Where taxpayers appealed to the Appellate Tax Board under the informal procedure concerning property with an assessed valuation of less than $20,000, the questions of law open on an appeal by the assessors to this court from the board's decision were not limited to those left open by a waiver under G. L. c. 58A, Section 7A. [841-842]
The absence of a stenographic transcript of a hearing before the Appellate Tax Board did not bar assessors from arguing that two exhibits in evidence before the board and presented to this court on an appeal from the board's decision conclusively established the fair market value of certain realty. 
The Appellate Tax Board could find that taxpayers were entitled to an abatement on the ground that the assessment of their realty had been disproportionate and discriminatory even if the assessors were correct in asserting that certain exhibits provided irrebuttable evidence of a fair market value of that realty in excess of the assessed value. [842-843]
Where the record on an appeal by assessors to this court from a decision by the Appellate Tax Board contained no statement of agreed facts, report by the board or transcript of the hearing before it but only two exhibits not precluding the board's decision, it must be assumed by this court that there was sufficient evidence before the board to support its decision, and its decision must be affirmed. [843-844]
APPEAL from a decision of the Appellate Tax Board.
Phillip S. Cronin, Town Counsel, for the Board of Assessors of Kingston, submitted a brief.
TAURO, C.J. The board of assessors of Kingston (assessors) assessed a parcel of real estate owned by Robert D. Sgarzi and Edward H. Valla (taxpayers) at $6,000 for the year 1973. The taxpayers paid the tax [Note 2] as assessed and, thereafter, made application to the assessors for an abatement of the tax. From the assessors' refusal to grant a tax abatement, the taxpayers appealed to the Appellate Tax Board (board) under the informal procedure. G. L. c. 58A, Section 7A. The board rendered a decision reducing the assessed valuation of the parcel to $1,800 and granted an abatement of the tax paid. The assessors appealed. There was no statement of agreed facts, report by the board, or transcript of the proceedings. [Note 3]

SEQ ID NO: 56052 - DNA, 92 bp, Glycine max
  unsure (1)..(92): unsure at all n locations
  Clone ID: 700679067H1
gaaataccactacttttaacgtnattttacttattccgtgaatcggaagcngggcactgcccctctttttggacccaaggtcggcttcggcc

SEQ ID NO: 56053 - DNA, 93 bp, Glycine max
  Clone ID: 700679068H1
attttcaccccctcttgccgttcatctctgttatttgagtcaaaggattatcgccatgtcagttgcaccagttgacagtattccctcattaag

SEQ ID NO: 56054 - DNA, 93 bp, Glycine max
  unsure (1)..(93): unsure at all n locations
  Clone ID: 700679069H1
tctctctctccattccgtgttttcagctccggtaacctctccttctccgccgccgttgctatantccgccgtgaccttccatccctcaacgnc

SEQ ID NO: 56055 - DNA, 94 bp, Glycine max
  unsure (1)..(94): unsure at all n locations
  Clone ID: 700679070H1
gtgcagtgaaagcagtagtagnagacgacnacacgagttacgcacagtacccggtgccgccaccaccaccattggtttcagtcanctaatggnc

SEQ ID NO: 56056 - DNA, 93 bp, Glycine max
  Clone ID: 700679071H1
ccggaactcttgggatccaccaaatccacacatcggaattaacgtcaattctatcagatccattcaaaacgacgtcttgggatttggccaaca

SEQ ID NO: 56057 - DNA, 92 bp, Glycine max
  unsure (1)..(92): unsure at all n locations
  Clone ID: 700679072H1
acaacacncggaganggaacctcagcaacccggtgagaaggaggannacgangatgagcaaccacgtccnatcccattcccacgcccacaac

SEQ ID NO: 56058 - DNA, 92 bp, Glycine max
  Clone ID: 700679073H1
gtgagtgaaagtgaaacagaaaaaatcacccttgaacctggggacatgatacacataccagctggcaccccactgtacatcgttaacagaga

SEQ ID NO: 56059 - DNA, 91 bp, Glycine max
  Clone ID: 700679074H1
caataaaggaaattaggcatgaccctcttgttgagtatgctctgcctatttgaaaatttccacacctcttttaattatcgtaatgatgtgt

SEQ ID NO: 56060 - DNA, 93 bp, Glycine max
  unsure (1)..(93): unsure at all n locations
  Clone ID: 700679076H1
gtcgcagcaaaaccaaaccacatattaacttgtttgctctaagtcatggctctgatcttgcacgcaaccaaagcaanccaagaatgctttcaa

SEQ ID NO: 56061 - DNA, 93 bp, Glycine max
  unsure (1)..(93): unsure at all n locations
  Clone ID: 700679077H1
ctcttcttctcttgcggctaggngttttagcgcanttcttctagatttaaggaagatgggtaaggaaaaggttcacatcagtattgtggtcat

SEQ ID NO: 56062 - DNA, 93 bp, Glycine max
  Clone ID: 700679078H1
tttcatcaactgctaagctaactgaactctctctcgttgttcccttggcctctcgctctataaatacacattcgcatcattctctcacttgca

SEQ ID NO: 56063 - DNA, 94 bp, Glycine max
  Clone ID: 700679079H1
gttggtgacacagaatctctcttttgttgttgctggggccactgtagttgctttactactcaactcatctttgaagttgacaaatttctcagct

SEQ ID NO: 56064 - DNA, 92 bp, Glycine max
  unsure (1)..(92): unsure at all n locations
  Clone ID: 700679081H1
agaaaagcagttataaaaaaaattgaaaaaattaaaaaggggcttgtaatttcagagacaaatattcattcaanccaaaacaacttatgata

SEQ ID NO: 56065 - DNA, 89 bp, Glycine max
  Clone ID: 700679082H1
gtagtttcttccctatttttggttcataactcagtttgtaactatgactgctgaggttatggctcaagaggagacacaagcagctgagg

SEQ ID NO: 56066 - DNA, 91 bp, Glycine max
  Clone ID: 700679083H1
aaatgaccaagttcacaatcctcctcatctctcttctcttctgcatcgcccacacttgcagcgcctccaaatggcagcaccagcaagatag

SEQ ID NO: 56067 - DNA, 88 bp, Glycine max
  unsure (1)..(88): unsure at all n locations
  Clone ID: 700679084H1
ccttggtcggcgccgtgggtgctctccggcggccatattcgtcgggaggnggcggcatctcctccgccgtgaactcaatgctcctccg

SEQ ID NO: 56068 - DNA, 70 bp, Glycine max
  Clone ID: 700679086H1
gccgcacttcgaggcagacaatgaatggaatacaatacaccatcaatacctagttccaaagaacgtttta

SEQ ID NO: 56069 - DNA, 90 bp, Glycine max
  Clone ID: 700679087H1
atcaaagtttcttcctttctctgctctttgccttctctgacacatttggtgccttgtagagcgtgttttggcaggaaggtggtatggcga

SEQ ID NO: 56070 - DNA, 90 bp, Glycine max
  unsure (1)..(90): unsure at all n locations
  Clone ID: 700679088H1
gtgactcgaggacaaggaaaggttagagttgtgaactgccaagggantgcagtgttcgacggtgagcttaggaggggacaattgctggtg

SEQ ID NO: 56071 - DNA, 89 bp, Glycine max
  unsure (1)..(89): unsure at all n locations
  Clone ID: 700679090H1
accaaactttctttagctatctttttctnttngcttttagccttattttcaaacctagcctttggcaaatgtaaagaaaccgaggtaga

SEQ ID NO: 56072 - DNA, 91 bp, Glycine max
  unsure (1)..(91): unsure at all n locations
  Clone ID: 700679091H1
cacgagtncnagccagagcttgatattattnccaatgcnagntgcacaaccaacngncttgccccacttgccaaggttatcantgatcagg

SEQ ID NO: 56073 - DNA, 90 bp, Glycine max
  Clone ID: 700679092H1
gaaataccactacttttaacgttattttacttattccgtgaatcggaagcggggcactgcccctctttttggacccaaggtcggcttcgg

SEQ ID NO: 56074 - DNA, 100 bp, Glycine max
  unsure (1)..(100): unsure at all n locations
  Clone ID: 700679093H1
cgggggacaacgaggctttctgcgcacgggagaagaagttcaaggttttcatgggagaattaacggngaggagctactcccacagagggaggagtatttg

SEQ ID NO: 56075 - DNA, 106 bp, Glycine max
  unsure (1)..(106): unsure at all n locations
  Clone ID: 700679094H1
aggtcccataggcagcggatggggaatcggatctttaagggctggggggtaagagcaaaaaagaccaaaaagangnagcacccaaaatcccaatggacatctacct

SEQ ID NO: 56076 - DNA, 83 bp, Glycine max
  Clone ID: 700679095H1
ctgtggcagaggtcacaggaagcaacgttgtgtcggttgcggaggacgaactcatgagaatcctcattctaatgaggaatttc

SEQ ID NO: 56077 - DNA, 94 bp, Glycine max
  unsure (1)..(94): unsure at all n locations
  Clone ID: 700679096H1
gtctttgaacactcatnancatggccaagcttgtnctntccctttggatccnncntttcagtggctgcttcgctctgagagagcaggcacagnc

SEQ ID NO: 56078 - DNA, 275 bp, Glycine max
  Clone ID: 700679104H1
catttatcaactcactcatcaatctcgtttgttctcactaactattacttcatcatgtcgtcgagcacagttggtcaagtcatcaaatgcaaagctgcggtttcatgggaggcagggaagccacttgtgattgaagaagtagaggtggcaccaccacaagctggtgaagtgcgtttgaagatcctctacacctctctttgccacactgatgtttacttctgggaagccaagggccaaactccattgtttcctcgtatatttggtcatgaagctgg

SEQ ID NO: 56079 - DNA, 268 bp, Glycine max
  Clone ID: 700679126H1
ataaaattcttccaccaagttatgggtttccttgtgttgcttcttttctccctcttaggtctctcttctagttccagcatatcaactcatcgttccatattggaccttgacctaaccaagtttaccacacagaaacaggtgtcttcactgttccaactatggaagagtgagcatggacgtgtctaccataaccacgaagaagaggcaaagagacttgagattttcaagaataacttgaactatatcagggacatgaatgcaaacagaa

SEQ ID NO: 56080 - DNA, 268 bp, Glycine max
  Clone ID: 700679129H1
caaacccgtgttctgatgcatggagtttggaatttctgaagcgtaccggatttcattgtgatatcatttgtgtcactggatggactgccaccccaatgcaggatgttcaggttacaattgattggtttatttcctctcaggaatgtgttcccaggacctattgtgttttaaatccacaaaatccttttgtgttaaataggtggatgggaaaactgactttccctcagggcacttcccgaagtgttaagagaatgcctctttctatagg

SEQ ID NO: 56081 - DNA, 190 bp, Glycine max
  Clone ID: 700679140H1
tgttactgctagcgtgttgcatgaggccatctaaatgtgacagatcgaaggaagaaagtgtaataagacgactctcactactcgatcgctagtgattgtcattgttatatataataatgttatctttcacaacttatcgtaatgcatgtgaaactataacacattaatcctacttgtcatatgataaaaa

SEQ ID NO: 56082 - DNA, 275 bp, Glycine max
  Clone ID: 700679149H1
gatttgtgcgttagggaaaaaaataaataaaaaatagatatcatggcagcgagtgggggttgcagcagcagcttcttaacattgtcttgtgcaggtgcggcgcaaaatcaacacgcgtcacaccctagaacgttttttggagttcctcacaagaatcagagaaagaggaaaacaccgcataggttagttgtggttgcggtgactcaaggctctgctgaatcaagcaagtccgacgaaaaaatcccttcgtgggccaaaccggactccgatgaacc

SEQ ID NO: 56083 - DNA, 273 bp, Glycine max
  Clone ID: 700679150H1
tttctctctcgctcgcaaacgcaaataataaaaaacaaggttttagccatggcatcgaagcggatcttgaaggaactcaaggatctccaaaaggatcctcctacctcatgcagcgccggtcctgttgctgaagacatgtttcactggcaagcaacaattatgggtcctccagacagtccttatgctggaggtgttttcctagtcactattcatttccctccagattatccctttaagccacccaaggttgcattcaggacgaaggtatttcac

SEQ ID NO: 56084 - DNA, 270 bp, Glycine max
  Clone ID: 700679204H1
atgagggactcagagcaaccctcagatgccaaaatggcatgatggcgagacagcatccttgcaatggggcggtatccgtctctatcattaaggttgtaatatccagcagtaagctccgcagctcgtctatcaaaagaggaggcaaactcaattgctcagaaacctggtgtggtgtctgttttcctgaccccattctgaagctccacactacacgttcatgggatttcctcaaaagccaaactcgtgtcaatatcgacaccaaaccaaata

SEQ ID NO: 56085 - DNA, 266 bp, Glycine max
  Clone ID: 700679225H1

1. In appeals brought under the informal procedure, the appellant must "file a written waiver of the right of appeal to the supreme judicial court, except upon questions of law raised by the pleadings or by an agreed statement of facts or shown by the report of the board." G. L. c. 58A, Section 7A (as amended through St. 1972, c. 684, Section 3). A similar waiver is deemed to occur when the property carries an assessed valuation in excess of $20,000 and the appellee does not elect to transfer the case to the formal procedure. G. L. c. 58A, Section 7A. In the instant case, the assessors were not appellants before the board and the property's assessed value did not exceed $20,000. Consequently, the scope of the instant appeal is not
limited to the questions of law which would have remained after the above-mentioned waivers. Assessors of Holbrook v. Dennehey, 357 Mass. 243 , 245 (1970).
2. The assessors present for our consideration two exhibits, which were introduced in evidence before the board. Exhibit A is a certified copy of a deed of purchase for the taxpayers' property which lists the consideration paid by the taxpayers for the property as $15,000. Exhibit B is a certified copy of a deed by which, on October 1, 1973, the taxpayers conveyed .55 acres of the 12.95 acre property for a consideration stated to be $1,000. The assessors argue that these exhibits "established irrebutable [sic] evidence of the fair market value of the real estate" and, as matter of law, should have precluded any decision for the taxpayers by the board.